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Isolation and Development of Quantification Method for Cyanidin-3-Glucoside and Cyanidin-3-Rutinoside in Mulberry Fruit by High-Performance Countercurrent Chromatography and High-Performance Liquid Chromatography
Isolation and Development of Quantification Method for Cyanidin-3-Glucoside and Cyanidin-3-Rutinoside in Mulberry Fruit by High-Performance Countercurrent Chromatography and High-Performance Liquid Chromatography
Natural Product Sciences. 2015. Mar, 21(1): 20-24
Copyright © 2015, The Korean Society of Pharmacognosy
  • Received : October 02, 2014
  • Accepted : October 31, 2014
  • Published : March 31, 2015
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About the Authors
Soo-Jung Choi
College of Pharmacy and Integrated Research Institute of Pharmaceutical Sciences, The Catholic University of Korea, Bucheon 420-743, Korea
Heejin Jeon Jeon
College of Pharmacy and Integrated Research Institute of Pharmaceutical Sciences, The Catholic University of Korea, Bucheon 420-743, Korea
Chang Uk Lee
College of Medicine, The Catholic University of Korea, 505 Banpo-dong, Seocho-gu, Seoul 137-702, Korea
Shin Hee Yoon
College of Medicine, The Catholic University of Korea, 505 Banpo-dong, Seocho-gu, Seoul 137-702, Korea
Soo Kyung Bae
College of Pharmacy and Integrated Research Institute of Pharmaceutical Sciences, The Catholic University of Korea, Bucheon 420-743, Korea
Young-Won Chin
College of Pharmacy and BK21 PLUS R-FIND Team, Dongguk University-Seoul, 32 Dongguk-lo, Ilsandong-gu, Goyang, Gyeonggi-do 410-820, Korea
Kee Dong Yoon
College of Pharmacy and Integrated Research Institute of Pharmaceutical Sciences, The Catholic University of Korea, Bucheon 420-743, Korea
kdyoon@catholic.ac.kr

Abstract
Cyanidin-3-glucoside (C3G) and cyanidin-3-rutinoside (C3R) were isolated by high-performance countercurrent chromatography (HPCCC) using a two-phase solvent system composed of tert -butyl methyl ether/ n -butanol/acetonitrile/water/trifluoroacetic acid (1 : 3 : 1 : 5 : 0.01, v/v) to give pure C3G (34.1 mg) and C3R (14.3 mg) from 1.5 g crude mulberry fruit extract. Using the pure C3G and C3R, a reliable high-performance liquid chromatography (HPLC) method was developed and validated to determine the C3G and C3R contents in mulberry fruit. C3G and C3R were separated simultaneously using an Eclipse XDB-C18 column (4.6 × 250 mm I.D., 5 μm) coupled with a photodiode array detector (PDA). The gradient elution of the mobile phase consisting of acetonitrile (0.5% formic acid) and water (0.5% formic acid) was applied (1.0 mL/min), and the detection wavelength was 520 nm. The calibration curves of C3G and C3R showed good linearity (both with r 2 = 0.9996) in the concentration range 15.625 - 500 μg/mL, and the relative standard deviations (RSD%) of intra- and interday variability were in the ranges 2.1 - 8.2% and 4.1 - 17.1%, respectively. The accuracies were ranged 96.5 - 102.6% for C3G and C3R, respectively. The developed HPLC method was used to determine the contents of C3G and C3R in newly harvested mulberry from eight different provinces of Korea.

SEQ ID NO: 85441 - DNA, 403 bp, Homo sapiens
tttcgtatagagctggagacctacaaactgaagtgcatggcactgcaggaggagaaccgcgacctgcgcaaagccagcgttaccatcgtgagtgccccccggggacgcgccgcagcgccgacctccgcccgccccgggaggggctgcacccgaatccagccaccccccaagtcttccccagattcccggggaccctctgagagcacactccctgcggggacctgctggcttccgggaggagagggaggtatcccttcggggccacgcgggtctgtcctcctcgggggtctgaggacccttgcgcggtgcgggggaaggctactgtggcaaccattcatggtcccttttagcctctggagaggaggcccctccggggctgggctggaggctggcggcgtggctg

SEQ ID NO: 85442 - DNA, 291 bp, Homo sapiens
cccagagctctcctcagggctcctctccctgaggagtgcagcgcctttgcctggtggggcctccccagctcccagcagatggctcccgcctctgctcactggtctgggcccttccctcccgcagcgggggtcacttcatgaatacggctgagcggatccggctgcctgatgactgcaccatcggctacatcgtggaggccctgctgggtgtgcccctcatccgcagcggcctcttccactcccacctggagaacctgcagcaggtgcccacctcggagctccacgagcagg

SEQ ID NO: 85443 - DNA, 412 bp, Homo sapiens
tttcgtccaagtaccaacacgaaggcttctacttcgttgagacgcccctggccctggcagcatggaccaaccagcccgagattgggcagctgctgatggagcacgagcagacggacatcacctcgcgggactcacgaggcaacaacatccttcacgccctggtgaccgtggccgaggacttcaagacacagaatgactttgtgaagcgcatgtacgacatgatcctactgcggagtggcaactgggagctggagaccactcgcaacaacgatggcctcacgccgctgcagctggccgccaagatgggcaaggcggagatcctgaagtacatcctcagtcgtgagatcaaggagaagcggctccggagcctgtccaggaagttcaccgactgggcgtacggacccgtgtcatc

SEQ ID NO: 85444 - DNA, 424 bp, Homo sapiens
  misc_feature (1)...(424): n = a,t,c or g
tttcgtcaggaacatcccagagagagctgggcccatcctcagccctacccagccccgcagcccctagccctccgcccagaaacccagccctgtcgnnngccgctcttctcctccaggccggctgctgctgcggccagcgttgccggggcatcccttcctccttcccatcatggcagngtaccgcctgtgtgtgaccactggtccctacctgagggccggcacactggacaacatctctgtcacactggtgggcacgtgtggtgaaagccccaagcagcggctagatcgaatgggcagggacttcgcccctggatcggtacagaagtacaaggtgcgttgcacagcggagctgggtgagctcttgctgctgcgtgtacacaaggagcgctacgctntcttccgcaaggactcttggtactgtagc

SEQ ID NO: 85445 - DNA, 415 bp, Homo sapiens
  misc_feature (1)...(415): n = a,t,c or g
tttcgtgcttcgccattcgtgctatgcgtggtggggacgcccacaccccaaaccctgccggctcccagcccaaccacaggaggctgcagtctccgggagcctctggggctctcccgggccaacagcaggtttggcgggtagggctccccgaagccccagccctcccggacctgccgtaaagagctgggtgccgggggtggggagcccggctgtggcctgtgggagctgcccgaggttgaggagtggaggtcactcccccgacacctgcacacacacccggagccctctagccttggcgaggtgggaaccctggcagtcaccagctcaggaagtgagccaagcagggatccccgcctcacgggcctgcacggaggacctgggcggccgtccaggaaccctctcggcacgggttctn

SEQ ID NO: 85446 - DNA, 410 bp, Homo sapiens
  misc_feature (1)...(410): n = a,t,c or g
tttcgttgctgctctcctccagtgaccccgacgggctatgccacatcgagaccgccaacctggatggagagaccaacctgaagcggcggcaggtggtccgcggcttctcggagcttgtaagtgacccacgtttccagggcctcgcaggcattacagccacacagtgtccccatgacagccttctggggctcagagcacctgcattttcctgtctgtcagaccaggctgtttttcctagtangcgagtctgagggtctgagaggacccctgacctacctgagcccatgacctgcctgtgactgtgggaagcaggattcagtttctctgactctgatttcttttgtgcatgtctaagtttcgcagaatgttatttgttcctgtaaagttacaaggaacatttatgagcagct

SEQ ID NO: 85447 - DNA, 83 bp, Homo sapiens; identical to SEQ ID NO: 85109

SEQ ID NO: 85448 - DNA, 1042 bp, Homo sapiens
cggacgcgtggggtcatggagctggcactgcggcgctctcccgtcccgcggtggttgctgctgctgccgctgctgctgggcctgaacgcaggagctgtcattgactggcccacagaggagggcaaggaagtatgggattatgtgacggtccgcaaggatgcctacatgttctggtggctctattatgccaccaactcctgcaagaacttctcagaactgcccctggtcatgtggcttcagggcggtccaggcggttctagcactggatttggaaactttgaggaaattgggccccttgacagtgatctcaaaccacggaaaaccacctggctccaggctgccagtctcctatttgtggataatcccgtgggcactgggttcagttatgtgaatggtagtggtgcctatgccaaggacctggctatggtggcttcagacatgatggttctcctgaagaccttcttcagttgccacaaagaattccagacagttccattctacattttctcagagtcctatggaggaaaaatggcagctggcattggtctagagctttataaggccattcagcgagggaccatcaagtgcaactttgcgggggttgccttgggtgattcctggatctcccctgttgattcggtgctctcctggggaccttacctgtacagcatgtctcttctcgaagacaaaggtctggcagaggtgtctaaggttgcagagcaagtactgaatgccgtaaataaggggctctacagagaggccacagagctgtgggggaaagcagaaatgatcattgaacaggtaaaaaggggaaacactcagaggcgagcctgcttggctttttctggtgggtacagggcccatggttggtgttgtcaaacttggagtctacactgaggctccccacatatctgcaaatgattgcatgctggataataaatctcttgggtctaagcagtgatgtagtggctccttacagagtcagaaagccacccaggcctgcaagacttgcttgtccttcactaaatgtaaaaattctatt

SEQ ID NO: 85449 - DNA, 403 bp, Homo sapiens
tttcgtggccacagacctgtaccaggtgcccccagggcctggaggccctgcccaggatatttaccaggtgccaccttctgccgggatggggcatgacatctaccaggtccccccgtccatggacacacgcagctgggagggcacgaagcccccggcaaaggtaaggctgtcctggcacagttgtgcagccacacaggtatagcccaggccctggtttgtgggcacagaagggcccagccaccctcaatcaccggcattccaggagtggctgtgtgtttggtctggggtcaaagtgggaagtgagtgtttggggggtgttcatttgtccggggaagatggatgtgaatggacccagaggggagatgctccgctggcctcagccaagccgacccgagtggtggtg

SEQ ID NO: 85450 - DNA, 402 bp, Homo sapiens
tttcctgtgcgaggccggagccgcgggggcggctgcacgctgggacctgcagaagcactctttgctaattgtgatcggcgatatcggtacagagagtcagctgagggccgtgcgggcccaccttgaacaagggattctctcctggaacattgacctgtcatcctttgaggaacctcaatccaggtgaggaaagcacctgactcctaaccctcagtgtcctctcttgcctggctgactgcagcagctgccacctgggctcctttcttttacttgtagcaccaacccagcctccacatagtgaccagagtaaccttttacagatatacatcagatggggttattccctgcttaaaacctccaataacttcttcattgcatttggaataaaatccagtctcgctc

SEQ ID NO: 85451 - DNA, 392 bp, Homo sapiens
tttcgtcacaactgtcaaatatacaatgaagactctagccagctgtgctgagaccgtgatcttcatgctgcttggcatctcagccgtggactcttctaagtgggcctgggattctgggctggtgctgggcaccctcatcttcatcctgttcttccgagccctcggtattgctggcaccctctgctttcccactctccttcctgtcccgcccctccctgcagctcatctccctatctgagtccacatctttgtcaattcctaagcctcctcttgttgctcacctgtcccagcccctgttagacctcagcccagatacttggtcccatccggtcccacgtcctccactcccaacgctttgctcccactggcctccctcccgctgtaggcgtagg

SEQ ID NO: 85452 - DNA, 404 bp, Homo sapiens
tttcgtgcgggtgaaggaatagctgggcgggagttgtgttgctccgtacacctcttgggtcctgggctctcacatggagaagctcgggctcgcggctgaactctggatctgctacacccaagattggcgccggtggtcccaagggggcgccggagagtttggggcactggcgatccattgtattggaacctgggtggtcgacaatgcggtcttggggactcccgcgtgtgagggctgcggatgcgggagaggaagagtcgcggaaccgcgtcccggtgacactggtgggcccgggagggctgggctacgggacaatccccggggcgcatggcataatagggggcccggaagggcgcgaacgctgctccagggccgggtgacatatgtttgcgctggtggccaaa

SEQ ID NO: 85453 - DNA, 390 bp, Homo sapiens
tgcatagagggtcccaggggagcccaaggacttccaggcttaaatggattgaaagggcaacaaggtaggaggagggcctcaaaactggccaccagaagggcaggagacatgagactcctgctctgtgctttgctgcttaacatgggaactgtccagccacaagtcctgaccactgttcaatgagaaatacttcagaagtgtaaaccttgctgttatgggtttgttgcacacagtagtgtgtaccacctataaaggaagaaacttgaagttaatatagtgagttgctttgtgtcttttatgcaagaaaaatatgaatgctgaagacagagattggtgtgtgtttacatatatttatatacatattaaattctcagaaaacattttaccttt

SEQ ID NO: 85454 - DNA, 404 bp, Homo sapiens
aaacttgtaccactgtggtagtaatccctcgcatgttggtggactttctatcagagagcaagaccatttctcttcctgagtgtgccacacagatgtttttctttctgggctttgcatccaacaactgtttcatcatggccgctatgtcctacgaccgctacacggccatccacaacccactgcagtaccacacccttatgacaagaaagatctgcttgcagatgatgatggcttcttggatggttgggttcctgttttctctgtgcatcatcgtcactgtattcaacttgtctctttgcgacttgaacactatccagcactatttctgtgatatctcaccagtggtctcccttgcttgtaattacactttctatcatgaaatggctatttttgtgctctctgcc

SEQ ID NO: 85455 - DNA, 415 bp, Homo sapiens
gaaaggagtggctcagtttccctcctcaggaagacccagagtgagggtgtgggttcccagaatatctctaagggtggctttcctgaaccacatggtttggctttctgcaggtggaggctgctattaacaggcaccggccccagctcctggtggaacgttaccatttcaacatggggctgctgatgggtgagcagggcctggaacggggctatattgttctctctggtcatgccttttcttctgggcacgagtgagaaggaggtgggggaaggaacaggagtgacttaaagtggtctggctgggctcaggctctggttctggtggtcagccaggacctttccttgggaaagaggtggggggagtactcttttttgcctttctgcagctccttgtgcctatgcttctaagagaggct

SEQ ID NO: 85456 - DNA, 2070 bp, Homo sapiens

Keywords
Introduction
Mulberry ( Morus alba L.) is a tree belonging to the Moraceae family, and its root bark and leaves have been used as traditional oriental medicines for antidiabetic, diuretic, anti-inflammatory, and antipyretic purposes. 1 Besides the root bark and leaves, the mulberry fruit has long been used as a seasonal food and regarded as a good material for healthcare products in food industries due to its high content of anthocyanins. Many studies have revealed that cyanidin-3-glucoside (C3G) and cyanidin-3-rutinoside (C3R) ( Fig. 1 ) are the typical anthocyanins of mulberry fruit, 2 - 3 and possess diverse pharmacological effects such as neuroprotective, 4 antidiabetic 5 and antioxidant 6 activities. Because of these diverse biological activities, pure C3G and C3R are increasingly required for quantitative analysis and biological screenings such as in vitro and in vivo experiments, but commercial standards of C3G and C3R are provided at a high price in small amounts. Therefore, easy and rapid methods are required to obtain pure C3G and C3R.
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Chemical structures of cyanidin 3-glucoside (C3G, 1) and cyanidin 3-rutinoside (C3R, 2).
The countercurrent separation (CS) technique is a type of liquid-liquid chromatography that does not employ solid adsorbents, thus avoiding chemical degradation by and irreversible adsorption onto solid adsorbents such as silica gel. Because of the aforementioned advantages, many natural products have been separated by the CS technique through methods such as high-speed countercurrent chromatography (HSCCC), high-performance countercurrent chromatography (HPCCC), and centrifugal partition chromatography (CPC). 7 Up to now, many CS methods have been applied to separate anthocyanin derivatives from natural resources such as mulberry, black rice, and sweet purple potato. 8 - 10 In the present study, the quick and easy HPCCC method was applied to isolate C3G and C3R in high purities from mulberry fruit extract, and a reliable HPLC method was developed to determine the C3G and C3R contents in mulberry fruit by using the pure C3G and C3R isolated by HPCCC.